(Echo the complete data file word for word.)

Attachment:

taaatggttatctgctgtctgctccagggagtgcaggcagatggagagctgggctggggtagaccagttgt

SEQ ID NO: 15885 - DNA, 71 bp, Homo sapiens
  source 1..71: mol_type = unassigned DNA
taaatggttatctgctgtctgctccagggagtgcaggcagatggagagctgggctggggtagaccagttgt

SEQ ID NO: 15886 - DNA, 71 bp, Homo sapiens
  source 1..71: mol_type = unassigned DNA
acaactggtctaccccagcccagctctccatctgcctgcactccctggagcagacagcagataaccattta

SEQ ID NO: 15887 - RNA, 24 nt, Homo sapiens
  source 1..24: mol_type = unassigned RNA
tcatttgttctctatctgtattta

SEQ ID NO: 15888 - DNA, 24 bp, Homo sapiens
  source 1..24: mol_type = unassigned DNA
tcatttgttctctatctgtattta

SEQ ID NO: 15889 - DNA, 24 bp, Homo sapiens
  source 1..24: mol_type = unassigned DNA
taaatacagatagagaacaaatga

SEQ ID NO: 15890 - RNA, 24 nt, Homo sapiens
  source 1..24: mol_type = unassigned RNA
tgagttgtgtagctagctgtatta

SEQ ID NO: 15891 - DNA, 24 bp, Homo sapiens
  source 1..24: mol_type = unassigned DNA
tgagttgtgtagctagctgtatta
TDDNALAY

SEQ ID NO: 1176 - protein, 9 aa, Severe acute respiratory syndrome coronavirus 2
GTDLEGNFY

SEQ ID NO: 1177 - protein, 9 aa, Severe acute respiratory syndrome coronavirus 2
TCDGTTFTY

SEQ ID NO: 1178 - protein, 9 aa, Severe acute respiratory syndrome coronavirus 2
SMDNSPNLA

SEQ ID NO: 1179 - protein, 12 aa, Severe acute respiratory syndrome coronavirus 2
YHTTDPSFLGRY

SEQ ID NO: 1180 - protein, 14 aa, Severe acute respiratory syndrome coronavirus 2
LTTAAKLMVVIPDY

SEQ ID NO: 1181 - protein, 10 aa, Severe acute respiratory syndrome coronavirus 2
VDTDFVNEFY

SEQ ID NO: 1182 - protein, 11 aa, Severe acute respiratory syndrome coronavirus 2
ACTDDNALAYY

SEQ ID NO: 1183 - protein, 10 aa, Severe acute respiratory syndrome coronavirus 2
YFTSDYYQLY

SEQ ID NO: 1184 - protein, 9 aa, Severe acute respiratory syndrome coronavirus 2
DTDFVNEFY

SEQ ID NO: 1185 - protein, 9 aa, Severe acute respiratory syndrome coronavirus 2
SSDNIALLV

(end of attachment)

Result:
taaatggttatctgctgtctgctccagggagtgcaggcagatggagagctgggctggggtagaccagttgt

SEQ ID NO: 15885 - DNA, 71 bp, Homo sapiens
  source 1..71: mol_type = unassigned DNA
taaatggttatctgctgtctgctccagggagtgcaggcagatggagagctgggctggggtagaccagttgt

SEQ ID NO: 15886 - DNA, 71 bp, Homo sapiens
  source 1..71: mol_type = unassigned DNA
acaactggtctaccccagcccagctctccatctgcctgcactccctggagcagacagcagataaccattta

SEQ ID NO: 15887 - RNA, 24 nt, Homo sapiens
  source 1..24: mol_type = unassigned RNA
tcatttgttctctatctgtattta

SEQ ID NO: 15888 - DNA, 24 bp, Homo sapiens
  source 1..24: mol_type = unassigned DNA
tcatttgttctctatctgtattta

SEQ ID NO: 15889 - DNA, 24 bp, Homo sapiens
  source 1..24: mol_type = unassigned DNA
taaatacagatagagaacaaatga

SEQ ID NO: 15890 - RNA, 24 nt, Homo sapiens
  source 1..24: mol_type = unassigned RNA
tgagttgtgtagctagctgtatta

SEQ ID NO: 15891 - DNA, 24 bp, Homo sapiens
  source 1..24: mol_type = unassigned DNA
tgagttgtgtagctagctgtatta
TDDNALAY

SEQ ID NO: 1176 - protein, 9 aa, Severe acute respiratory syndrome coronavirus 2
GTDLEGNFY

SEQ ID NO: 1177 - protein, 9 aa, Severe acute respiratory syndrome coronavirus 2
TCDGTTFTY

SEQ ID NO: 1178 - protein, 9 aa, Severe acute respiratory syndrome coronavirus 2
SMDNSPNLA

SEQ ID NO: 1179 - protein, 12 aa, Severe acute respiratory syndrome coronavirus 2
YHTTDPSFLGRY

SEQ ID NO: 1180 - protein, 14 aa, Severe acute respiratory syndrome coronavirus 2
LTTAAKLMVVIPDY

SEQ ID NO: 1181 - protein, 10 aa, Severe acute respiratory syndrome coronavirus 2
VDTDFVNEFY

SEQ ID NO: 1182 - protein, 11 aa, Severe acute respiratory syndrome coronavirus 2
ACTDDNALAYY

SEQ ID NO: 1183 - protein, 10 aa, Severe acute respiratory syndrome coronavirus 2
YFTSDYYQLY

SEQ ID NO: 1184 - protein, 9 aa, Severe acute respiratory syndrome coronavirus 2
DTDFVNEFY

SEQ ID NO: 1185 - protein, 9 aa, Severe acute respiratory syndrome coronavirus 2
SSDNIALLV